Microbial insights from Antarctic and Mediterranean shallow-water bone-eating worms
Bone-eating worms of the genus Osedax (Annelida, Siboglinidae) form unique holobionts (functional entity comprising host and associated microbiota), highly adapted to inhabit bone tissue of marine vertebrates. These gutless worms have developed nutritional symbioses housing intracellular, horizontally acquired, heterotrophic bacteria hypothesised to harness nutrients from organic compounds, sequestered within the bone. Despite previous efforts, critical mechanisms mediating activity and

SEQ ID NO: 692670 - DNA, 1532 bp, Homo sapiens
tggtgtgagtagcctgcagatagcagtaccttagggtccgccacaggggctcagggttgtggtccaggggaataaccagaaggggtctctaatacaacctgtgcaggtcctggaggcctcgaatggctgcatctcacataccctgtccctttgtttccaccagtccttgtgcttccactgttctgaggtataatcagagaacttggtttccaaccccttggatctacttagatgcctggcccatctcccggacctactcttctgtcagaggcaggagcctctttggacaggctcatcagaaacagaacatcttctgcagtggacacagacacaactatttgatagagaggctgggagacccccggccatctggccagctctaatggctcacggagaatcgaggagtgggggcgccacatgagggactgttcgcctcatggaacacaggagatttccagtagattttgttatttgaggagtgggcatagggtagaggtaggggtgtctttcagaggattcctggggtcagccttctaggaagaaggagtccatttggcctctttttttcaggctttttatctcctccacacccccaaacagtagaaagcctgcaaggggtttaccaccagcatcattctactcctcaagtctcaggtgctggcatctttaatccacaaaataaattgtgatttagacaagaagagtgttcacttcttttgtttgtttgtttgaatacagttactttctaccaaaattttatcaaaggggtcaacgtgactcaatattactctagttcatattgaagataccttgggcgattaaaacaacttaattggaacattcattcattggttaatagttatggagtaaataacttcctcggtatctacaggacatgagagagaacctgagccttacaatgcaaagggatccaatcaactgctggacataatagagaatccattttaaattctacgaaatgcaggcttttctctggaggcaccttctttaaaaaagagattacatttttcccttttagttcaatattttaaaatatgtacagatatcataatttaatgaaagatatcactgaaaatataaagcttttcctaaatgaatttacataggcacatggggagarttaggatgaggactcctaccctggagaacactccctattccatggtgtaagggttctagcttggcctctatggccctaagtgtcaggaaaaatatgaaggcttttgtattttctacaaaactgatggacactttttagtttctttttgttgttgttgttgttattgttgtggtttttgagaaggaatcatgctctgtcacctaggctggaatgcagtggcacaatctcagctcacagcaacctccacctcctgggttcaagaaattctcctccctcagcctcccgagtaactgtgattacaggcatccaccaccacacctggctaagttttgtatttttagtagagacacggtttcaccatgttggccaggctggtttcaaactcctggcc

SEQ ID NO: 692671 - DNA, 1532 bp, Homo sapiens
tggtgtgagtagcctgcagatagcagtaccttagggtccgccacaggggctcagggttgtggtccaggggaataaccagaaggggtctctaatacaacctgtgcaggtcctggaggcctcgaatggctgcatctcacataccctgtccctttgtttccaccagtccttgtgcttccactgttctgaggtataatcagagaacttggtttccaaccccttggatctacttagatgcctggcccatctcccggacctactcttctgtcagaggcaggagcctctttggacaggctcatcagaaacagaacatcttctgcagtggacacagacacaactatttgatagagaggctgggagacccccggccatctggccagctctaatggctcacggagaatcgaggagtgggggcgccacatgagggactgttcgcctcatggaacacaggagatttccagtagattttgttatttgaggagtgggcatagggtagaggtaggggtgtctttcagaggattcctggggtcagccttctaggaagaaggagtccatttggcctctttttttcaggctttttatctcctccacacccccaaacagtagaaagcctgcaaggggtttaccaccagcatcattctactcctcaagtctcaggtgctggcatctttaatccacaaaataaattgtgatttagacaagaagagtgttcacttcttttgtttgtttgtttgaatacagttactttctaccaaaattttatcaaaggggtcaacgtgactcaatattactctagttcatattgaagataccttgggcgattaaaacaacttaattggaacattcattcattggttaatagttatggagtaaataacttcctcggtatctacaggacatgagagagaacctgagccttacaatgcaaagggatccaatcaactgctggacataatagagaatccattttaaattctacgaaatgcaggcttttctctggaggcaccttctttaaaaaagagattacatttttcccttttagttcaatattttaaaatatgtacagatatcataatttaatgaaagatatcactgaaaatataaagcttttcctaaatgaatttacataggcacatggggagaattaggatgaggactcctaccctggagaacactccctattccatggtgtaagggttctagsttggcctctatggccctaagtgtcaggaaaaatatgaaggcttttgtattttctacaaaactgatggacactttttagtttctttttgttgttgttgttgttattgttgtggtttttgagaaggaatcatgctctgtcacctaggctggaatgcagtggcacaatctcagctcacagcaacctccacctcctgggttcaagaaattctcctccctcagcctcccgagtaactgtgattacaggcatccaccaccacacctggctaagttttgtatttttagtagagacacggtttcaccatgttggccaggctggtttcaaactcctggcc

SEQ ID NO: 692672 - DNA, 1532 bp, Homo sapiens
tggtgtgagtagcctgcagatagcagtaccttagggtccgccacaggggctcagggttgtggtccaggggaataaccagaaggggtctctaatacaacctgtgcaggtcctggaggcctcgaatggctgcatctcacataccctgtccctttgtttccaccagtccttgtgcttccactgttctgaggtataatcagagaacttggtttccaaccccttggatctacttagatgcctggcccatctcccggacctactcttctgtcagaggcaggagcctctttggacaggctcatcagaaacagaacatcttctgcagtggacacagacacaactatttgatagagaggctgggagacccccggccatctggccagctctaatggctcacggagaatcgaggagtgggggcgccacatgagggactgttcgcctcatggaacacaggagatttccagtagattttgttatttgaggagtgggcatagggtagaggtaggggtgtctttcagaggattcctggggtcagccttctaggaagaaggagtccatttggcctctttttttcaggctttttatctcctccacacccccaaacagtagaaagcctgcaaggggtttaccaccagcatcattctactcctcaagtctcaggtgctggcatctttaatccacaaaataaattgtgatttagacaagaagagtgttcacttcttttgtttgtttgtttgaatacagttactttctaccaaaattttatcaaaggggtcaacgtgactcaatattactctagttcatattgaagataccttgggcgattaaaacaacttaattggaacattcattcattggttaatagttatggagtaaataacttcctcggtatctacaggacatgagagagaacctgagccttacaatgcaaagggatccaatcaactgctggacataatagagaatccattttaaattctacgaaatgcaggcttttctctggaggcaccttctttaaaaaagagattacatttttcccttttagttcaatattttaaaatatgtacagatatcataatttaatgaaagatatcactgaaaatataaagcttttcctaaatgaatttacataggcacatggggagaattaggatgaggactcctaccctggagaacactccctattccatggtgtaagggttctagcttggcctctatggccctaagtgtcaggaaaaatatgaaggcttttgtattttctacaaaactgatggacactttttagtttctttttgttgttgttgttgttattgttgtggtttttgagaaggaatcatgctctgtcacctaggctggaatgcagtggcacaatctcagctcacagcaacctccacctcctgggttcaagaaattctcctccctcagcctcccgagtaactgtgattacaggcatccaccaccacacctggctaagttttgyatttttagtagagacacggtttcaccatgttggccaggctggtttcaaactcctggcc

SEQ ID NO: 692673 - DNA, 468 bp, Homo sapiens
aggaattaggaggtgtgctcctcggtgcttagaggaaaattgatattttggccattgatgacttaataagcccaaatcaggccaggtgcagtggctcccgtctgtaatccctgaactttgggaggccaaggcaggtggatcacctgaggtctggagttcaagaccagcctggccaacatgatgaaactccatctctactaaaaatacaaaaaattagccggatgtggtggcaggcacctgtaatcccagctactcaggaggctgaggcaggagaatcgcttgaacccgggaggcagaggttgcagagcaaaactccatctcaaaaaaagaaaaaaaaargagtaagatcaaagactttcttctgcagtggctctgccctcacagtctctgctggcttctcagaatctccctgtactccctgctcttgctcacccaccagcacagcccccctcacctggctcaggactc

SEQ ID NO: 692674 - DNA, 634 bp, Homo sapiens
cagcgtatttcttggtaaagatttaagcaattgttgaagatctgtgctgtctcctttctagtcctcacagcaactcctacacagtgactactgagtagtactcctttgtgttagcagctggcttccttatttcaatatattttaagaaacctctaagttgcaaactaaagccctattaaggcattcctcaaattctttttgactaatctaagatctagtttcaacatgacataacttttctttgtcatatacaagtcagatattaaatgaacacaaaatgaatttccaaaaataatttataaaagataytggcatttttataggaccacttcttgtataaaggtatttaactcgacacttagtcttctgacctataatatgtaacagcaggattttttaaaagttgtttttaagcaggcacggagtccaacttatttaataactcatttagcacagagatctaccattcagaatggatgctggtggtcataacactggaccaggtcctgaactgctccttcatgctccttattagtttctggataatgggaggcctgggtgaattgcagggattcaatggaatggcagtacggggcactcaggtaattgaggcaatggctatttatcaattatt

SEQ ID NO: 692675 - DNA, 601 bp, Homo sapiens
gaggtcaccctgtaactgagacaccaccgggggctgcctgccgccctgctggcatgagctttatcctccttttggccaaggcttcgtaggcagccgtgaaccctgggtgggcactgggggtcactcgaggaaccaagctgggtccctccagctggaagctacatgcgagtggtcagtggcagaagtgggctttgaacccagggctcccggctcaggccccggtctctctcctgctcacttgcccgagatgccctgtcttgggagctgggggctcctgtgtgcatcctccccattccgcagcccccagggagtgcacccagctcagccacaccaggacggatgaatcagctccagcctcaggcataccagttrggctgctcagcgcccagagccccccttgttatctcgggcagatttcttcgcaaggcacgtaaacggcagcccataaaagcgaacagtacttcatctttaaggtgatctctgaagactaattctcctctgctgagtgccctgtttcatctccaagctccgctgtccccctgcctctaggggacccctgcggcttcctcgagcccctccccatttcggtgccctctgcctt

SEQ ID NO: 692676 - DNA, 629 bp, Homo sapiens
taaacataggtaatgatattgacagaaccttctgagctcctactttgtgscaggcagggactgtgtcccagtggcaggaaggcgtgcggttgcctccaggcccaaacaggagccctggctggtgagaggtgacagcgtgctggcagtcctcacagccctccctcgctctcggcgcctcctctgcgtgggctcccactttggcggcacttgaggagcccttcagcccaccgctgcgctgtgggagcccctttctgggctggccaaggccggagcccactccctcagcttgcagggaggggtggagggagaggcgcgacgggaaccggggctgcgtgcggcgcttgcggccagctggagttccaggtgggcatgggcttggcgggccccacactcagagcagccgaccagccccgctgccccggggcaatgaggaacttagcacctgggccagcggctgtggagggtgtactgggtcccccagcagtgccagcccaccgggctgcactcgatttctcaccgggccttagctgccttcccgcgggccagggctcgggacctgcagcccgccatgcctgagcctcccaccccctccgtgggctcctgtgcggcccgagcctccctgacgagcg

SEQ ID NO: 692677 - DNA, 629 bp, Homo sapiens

... ion of diverse bacterial assemblages remain unclear. Using 16S rRNA amplicon sequencing, we performed detailed taxonomic and predicted functional analyses shedding light on the microbial communities of two shallow-water Osedax species (Osedax deceptionensis and Osedax 'mediterranea') from contrasting habitats (Antarctic and Mediterranean Sea), in two tissue types (roots and palps). Comparative assessments between host species revealed distinct microbial assemblages whilst, within host species and body tissue, relative symbiont frequencies retained high variability. We reported relatively high abundances of microbes previously classified as primary endosymbionts, Ribotype 1 (order Oceanospirillales), and diverse likely secondary epibionts warranting further exploration as recurrent Osedax associates. Surprisingly, O. 'mediterranea' exhibited relatively low abundance of Oceanospirillales, but increased abundance of other potentially hydrocarbon degrading bacteria from the family Alteromonadaceae. We hypothesise the presence of functionally similar, non-Oceanospirillales primary endosymbionts within O. 'mediterranea'. Functional metagenomic profiling (using 16S rRNA sequences) predicted broad metabolic capabilities, encompassing relatively large abundances of genes associated with amino acid metabolism. Comparative analyses between host body tissue communities highlighted several genes potentially providing critical functions to the Osedax host or that confer adaptations for intracellular life, housed within bone embedded host root tissues. Publisher's Note Springer Nature remains neutral with regard to jurisdictional claims in published maps and institutional affiliations.